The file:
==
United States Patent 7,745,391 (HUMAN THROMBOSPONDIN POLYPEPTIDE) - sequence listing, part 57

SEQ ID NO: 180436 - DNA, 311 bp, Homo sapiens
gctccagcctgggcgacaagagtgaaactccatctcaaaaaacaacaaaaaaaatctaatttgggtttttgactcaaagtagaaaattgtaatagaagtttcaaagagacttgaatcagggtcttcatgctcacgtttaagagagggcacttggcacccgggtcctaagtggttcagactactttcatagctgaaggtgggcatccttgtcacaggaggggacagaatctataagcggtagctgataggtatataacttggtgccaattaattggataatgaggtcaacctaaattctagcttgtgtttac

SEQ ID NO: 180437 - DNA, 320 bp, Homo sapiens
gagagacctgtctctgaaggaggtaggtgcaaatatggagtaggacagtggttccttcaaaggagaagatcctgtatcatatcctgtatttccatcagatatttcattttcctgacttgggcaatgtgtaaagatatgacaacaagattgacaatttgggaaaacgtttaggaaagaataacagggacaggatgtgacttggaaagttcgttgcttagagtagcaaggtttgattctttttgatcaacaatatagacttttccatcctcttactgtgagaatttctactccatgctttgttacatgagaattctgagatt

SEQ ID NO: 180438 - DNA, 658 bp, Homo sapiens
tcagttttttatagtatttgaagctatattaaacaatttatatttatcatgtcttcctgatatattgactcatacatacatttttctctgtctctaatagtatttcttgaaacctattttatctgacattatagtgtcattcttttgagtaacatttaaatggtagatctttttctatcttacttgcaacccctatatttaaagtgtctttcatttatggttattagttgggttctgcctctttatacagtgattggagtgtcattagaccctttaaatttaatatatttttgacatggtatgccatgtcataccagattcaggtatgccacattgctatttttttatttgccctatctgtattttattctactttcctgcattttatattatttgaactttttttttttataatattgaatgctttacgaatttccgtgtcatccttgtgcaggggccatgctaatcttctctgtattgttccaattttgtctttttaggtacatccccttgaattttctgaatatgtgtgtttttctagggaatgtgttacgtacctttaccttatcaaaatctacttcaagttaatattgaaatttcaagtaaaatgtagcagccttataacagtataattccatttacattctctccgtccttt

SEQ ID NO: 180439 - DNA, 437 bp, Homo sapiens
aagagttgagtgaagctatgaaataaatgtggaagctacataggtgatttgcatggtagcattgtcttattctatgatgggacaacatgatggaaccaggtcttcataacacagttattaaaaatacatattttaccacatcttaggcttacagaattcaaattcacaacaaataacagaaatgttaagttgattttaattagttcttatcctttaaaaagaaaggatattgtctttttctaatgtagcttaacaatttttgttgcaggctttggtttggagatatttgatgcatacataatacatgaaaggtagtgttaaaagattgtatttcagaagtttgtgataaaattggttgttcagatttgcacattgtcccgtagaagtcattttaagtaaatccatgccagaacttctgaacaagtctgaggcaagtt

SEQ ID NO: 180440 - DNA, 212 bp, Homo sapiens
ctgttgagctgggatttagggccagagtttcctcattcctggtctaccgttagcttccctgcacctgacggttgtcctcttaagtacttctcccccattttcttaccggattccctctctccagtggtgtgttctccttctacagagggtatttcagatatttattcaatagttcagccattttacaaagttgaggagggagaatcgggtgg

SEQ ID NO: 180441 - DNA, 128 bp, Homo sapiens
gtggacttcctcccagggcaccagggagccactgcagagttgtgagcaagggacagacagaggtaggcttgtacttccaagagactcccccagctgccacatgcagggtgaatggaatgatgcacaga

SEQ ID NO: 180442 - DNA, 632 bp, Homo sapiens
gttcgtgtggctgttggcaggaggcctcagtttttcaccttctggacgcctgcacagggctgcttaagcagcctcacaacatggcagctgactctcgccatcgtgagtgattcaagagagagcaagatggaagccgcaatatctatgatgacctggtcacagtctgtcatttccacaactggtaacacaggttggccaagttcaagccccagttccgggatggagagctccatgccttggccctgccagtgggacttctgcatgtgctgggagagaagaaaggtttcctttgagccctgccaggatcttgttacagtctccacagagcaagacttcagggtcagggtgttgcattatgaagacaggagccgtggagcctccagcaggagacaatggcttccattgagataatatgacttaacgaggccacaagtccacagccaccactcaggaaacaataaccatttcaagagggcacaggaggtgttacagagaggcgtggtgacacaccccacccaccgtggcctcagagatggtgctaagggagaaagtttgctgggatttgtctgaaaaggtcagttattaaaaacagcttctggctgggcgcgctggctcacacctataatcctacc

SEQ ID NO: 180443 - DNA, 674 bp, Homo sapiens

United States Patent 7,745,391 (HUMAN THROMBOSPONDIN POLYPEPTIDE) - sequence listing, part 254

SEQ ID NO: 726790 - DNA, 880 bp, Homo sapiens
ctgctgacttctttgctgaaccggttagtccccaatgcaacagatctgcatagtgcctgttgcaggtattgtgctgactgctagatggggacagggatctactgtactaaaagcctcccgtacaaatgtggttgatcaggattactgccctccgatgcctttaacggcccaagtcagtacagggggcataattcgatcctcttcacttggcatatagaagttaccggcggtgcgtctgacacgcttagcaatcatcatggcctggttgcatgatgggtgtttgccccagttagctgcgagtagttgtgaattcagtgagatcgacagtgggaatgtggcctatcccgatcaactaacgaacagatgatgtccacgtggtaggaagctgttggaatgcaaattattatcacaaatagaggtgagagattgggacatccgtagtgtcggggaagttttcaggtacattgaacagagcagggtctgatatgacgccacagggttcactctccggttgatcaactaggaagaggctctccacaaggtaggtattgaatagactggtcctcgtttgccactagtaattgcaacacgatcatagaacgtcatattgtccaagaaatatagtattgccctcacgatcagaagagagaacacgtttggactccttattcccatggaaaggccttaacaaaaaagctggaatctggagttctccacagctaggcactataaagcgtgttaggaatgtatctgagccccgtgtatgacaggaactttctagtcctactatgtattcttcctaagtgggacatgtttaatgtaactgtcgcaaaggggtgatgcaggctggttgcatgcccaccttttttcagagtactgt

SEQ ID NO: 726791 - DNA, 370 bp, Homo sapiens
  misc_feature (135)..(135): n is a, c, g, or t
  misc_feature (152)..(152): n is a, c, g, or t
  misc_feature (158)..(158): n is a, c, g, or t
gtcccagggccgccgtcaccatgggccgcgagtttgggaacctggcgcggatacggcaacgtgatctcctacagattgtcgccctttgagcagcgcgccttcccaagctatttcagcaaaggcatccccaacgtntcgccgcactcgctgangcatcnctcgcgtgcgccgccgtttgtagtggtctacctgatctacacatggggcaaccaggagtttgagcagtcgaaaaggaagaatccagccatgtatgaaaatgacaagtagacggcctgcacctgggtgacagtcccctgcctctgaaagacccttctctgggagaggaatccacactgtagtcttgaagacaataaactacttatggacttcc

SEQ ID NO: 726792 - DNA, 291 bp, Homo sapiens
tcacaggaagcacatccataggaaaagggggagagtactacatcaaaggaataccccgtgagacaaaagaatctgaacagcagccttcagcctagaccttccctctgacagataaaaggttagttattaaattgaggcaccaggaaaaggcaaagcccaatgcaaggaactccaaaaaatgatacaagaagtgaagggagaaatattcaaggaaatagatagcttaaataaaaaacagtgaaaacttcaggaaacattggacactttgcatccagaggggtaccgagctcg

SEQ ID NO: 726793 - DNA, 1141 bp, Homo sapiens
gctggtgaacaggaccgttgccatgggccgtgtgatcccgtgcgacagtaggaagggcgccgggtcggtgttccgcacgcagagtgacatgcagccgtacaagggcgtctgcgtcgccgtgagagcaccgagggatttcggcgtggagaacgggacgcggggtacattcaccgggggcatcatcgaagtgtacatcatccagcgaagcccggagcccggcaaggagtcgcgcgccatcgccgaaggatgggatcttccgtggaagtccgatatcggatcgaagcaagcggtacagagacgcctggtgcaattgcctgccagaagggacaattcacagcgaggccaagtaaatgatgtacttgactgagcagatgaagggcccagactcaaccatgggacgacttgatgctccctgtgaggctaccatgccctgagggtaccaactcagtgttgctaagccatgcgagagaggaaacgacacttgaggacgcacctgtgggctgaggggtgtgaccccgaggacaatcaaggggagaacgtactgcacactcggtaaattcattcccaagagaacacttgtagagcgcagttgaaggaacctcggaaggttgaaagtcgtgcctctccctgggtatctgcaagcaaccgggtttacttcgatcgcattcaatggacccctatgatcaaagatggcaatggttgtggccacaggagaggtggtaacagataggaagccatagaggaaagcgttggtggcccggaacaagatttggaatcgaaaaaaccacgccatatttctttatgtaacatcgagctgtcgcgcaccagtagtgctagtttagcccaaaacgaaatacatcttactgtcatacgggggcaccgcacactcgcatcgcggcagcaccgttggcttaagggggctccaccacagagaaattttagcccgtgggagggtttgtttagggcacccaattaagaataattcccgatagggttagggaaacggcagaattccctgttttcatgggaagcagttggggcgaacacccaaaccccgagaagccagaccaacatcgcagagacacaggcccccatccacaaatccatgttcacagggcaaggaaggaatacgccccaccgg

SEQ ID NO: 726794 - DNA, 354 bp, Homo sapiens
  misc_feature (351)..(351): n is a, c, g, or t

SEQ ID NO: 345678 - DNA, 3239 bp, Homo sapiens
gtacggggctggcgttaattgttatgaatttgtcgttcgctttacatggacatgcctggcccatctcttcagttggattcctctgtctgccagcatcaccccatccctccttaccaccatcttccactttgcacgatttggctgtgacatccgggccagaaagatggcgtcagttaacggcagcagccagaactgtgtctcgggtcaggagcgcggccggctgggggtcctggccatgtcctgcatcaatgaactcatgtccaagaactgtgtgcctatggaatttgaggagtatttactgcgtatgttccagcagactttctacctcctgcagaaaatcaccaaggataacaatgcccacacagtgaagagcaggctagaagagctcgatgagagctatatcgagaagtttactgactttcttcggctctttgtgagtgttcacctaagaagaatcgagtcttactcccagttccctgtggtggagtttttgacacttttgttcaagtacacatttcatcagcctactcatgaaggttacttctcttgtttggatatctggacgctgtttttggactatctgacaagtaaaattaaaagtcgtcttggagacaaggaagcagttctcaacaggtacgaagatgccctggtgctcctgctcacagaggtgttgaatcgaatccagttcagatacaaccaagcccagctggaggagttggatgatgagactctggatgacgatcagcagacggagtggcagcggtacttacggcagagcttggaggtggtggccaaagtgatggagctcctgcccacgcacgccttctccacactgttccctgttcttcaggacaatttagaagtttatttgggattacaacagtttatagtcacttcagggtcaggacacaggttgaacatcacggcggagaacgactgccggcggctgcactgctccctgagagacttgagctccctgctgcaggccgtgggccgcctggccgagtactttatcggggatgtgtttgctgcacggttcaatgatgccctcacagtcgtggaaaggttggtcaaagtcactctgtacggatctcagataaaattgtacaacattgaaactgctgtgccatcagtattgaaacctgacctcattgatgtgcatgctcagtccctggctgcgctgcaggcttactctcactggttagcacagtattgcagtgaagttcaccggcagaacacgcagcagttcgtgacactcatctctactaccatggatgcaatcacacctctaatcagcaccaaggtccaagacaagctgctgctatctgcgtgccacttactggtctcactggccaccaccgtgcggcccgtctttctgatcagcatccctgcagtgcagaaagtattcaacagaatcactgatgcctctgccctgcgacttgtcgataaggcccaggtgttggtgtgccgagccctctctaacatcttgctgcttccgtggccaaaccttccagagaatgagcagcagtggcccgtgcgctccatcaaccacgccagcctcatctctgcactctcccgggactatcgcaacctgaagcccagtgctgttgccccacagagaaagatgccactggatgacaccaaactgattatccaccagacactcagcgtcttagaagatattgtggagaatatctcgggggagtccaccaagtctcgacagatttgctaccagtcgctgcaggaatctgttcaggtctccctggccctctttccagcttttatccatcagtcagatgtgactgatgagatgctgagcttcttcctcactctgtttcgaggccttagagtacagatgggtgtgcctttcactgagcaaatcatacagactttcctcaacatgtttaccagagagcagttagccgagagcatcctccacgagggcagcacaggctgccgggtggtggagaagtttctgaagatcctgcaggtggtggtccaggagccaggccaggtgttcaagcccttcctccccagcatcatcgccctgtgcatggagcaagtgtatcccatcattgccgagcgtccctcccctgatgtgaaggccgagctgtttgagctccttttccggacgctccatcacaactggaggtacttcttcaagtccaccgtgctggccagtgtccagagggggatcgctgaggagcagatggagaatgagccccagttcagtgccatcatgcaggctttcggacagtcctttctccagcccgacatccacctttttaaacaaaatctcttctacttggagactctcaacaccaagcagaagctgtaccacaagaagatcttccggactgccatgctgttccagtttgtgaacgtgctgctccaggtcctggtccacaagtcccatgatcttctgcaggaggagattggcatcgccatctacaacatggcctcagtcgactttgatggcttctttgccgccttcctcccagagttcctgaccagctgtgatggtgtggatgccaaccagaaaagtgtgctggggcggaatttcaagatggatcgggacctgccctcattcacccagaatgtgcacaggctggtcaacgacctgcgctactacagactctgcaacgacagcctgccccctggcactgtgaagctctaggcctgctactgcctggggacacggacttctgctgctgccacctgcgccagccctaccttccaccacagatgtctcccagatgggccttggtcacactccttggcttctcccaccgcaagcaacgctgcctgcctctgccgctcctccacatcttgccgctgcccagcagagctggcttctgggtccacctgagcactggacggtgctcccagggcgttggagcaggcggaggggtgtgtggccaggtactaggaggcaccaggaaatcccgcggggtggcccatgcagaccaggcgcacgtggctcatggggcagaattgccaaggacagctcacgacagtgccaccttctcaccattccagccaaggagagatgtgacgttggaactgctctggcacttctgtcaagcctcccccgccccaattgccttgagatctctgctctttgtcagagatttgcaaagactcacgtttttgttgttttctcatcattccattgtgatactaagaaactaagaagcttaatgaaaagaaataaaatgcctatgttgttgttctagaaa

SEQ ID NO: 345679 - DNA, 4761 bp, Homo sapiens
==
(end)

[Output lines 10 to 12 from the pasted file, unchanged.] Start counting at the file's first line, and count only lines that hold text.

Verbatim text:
SEQ ID NO: 180440 - DNA, 212 bp, Homo sapiens
ctgttgagctgggatttagggccagagtttcctcattcctggtctaccgttagcttccctgcacctgacggttgtcctcttaagtacttctcccccattttcttaccggattccctctctccagtggtgtgttctccttctacagagggtatttcagatatttattcaatagttcagccattttacaaagttgaggagggagaatcgggtgg

SEQ ID NO: 180441 - DNA, 128 bp, Homo sapiens